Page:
Evidently there are a series of concept drawings created by Katsuya Terada for the first few Legend of Zelda games that have been floating around the internet (for how long before I discovered them I'm not sure). I have to echo what I hear wherever these pictures turn up: this is the game as I imagined it when I was a kid. There's something haunting and spacious about Katsuya Terada's images that captures all the feelings of mystery and adventure that came with playing a Zelda game. The art that was actually released with the booklets for the games is far more "cartoony" and "safe." Of course, the original games were made with children in mind and it makes sense that the marketing team would prefer brighter and more cartoon-like images. What interests me, however, is that if these pictures were in fact used as concept art for the games why was there one set of visuals (a much more mature and visually arresting set) for the programers and a very different set for the consumers. Perhaps it just comes down to a matter of different artists working for different departments that don't talk to each other. Whatever the case may be, I'm sure there are enough people like me out there for it to be worth Nintendo's while to put out a Zelda game that brings Katsuya Terada's version of Hyrule to life.
...or would that ruin it? The monster that is seen is never as scary as the monster that is unseen. The book is always better in the movie. There's something about the power of the imagination that always eludes our powers of creation in space and time. Katsuya Terada's drawings are snapshots that provoke the imagination, not replace it. The genius of the images seems to be as much in their starkness as in their detail: as much in what they don't show as what they show. Would we be as impressed if we knew what was around the corner? Would the monster be as monstrous if we could see it clearly? Maybe the great thing about the early Zelda games was that the low level of technology required so much from the gamer's imagination. They were mere sketches; you had to fill in the rest. There was room for the imagination to run riot. I don't know. For old gamers, the question of nostalgia has to be raised: how much of this is just pining for an idealized and simpler time?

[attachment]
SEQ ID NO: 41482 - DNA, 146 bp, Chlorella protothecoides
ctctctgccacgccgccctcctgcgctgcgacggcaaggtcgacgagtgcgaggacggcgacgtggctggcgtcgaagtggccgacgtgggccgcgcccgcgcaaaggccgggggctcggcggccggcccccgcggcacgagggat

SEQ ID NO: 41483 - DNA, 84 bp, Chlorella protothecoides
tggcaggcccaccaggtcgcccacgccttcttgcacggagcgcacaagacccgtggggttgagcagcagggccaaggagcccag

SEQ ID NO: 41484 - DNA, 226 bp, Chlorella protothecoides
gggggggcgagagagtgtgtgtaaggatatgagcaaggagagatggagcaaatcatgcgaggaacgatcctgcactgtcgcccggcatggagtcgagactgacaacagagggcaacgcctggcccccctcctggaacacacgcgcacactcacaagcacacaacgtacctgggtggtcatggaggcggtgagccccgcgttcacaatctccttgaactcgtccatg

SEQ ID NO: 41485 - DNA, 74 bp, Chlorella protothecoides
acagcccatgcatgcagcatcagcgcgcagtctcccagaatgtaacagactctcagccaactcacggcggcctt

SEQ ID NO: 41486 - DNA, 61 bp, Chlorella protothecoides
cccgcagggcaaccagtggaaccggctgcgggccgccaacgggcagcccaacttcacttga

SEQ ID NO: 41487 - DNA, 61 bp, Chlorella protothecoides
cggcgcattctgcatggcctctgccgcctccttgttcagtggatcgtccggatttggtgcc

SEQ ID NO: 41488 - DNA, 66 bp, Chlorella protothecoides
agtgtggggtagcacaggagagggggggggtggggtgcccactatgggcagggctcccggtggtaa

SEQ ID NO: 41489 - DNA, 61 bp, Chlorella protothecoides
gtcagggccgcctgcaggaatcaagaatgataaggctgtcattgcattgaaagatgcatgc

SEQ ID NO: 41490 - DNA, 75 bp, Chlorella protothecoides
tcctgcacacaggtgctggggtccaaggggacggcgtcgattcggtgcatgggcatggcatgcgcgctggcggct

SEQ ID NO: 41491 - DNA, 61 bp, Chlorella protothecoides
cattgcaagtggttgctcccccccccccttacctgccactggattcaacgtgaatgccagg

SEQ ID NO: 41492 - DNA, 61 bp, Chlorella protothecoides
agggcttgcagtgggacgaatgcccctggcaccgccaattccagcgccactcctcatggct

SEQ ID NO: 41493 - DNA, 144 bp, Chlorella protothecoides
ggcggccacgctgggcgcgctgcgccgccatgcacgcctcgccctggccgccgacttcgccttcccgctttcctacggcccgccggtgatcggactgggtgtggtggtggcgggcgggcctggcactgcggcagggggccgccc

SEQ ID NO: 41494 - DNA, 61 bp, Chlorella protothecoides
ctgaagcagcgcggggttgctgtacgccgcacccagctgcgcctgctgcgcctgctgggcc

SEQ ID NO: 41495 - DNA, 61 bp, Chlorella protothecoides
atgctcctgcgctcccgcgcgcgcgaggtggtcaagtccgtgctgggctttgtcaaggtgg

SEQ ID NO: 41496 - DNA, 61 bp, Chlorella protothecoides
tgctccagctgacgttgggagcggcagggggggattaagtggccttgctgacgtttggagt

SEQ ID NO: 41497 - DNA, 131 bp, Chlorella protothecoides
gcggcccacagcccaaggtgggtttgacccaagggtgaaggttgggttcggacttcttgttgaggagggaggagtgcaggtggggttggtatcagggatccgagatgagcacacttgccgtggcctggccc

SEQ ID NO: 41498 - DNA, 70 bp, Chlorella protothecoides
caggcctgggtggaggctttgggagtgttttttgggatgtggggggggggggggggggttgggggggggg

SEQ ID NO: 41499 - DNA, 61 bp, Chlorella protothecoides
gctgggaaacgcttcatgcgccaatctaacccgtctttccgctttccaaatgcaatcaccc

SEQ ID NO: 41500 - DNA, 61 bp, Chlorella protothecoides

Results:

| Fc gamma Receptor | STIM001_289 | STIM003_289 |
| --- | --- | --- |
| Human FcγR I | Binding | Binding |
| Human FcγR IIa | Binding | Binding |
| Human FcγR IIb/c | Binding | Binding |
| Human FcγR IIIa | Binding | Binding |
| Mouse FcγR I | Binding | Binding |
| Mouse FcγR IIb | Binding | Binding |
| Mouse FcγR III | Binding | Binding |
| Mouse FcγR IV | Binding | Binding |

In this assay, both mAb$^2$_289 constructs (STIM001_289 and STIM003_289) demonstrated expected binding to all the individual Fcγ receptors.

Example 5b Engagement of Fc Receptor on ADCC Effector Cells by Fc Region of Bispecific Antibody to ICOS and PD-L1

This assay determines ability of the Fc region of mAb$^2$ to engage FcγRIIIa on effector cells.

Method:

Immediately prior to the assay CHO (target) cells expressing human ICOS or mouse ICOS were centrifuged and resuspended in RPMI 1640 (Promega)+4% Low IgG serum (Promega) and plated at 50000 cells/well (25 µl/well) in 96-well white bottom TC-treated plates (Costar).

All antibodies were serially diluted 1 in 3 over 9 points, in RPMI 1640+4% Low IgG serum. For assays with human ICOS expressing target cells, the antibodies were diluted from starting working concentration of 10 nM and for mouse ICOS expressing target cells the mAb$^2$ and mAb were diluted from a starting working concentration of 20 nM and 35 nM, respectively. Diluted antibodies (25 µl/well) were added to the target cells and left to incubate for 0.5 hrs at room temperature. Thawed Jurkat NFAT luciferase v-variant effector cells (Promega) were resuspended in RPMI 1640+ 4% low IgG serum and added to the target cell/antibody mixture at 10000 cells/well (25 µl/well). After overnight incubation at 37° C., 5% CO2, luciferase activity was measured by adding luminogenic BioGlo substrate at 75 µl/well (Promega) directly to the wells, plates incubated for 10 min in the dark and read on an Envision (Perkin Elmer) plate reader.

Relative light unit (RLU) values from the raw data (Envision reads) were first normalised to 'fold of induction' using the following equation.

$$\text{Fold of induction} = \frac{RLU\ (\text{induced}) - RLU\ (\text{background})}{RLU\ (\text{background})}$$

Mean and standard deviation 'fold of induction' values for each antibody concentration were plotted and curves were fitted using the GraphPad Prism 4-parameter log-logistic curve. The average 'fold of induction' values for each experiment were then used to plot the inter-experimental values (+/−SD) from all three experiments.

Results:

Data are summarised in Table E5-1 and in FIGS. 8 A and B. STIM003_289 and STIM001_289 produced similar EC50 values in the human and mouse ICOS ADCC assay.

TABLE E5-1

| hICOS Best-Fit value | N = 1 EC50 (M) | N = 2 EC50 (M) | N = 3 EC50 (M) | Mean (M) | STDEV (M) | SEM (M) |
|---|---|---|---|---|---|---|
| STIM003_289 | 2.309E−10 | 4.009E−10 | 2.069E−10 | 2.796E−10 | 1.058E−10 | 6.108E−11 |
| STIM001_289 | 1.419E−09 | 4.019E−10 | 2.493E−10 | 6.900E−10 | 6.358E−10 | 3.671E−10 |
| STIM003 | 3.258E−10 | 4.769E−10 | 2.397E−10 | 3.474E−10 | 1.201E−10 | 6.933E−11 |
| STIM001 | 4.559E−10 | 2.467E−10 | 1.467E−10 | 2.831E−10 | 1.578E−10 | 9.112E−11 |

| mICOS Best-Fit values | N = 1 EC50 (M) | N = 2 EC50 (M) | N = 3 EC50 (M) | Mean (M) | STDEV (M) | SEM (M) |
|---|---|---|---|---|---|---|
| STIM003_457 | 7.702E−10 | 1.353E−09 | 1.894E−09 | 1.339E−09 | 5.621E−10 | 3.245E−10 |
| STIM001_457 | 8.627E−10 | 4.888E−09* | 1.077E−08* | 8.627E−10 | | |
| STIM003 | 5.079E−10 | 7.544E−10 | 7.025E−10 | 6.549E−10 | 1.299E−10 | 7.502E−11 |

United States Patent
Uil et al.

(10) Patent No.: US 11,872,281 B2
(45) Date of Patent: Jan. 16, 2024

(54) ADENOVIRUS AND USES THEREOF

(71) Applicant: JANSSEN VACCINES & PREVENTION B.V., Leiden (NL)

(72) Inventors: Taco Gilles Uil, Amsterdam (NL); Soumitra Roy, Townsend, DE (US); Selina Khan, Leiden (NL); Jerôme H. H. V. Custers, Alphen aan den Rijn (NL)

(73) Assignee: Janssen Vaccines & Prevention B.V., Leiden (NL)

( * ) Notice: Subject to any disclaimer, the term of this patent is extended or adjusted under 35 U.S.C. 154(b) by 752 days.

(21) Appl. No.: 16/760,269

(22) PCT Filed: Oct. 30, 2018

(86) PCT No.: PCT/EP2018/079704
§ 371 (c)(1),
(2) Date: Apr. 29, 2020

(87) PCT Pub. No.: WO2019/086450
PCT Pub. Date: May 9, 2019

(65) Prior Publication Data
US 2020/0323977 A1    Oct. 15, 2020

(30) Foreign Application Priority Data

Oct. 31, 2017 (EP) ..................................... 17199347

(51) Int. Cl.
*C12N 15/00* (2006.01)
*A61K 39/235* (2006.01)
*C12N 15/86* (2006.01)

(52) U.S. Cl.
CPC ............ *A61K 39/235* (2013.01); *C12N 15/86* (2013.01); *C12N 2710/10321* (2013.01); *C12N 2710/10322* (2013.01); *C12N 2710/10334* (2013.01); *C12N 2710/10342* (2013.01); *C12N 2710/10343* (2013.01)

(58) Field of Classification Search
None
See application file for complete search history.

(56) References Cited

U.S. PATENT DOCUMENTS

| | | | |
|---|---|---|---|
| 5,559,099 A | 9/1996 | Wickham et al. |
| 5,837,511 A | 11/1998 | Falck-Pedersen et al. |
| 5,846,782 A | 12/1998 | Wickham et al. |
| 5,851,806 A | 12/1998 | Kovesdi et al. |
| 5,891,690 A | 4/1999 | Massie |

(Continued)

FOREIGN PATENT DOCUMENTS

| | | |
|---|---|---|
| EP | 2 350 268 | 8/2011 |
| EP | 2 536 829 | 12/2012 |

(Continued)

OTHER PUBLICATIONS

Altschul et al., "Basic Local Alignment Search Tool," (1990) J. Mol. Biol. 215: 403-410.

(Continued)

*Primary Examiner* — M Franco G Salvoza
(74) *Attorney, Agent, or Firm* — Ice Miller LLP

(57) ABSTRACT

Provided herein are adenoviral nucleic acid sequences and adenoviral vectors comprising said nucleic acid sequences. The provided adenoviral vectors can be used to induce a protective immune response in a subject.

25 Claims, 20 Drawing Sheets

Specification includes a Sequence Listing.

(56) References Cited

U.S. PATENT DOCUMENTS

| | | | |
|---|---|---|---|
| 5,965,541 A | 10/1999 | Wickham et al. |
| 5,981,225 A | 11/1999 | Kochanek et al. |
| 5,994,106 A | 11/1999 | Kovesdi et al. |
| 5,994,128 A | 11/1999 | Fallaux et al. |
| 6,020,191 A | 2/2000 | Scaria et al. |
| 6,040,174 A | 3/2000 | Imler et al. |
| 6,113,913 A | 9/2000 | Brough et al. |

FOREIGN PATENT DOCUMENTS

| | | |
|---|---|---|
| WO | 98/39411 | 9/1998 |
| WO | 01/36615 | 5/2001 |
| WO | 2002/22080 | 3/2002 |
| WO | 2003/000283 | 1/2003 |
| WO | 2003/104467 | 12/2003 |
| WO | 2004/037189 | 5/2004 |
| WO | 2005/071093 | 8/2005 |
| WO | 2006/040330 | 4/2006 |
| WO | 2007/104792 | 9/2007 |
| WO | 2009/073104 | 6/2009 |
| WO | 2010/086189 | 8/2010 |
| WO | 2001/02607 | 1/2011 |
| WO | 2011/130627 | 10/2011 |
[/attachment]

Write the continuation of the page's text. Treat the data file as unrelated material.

None of these questions are very profound, but as the first generation of gamers reaches maturity, it makes sense that we'd want to look back and reflect upon these unique pastimes. Have we learned anything from them? Are we any better off for having had them? Is there anything here that has relevance for our lives today? Can we make them better? What should we pass on to younger gamers? I guess that's the real point of this post; the real point of this series of posts. Now that I'm old enough to reflect, what have I learned upon reflection?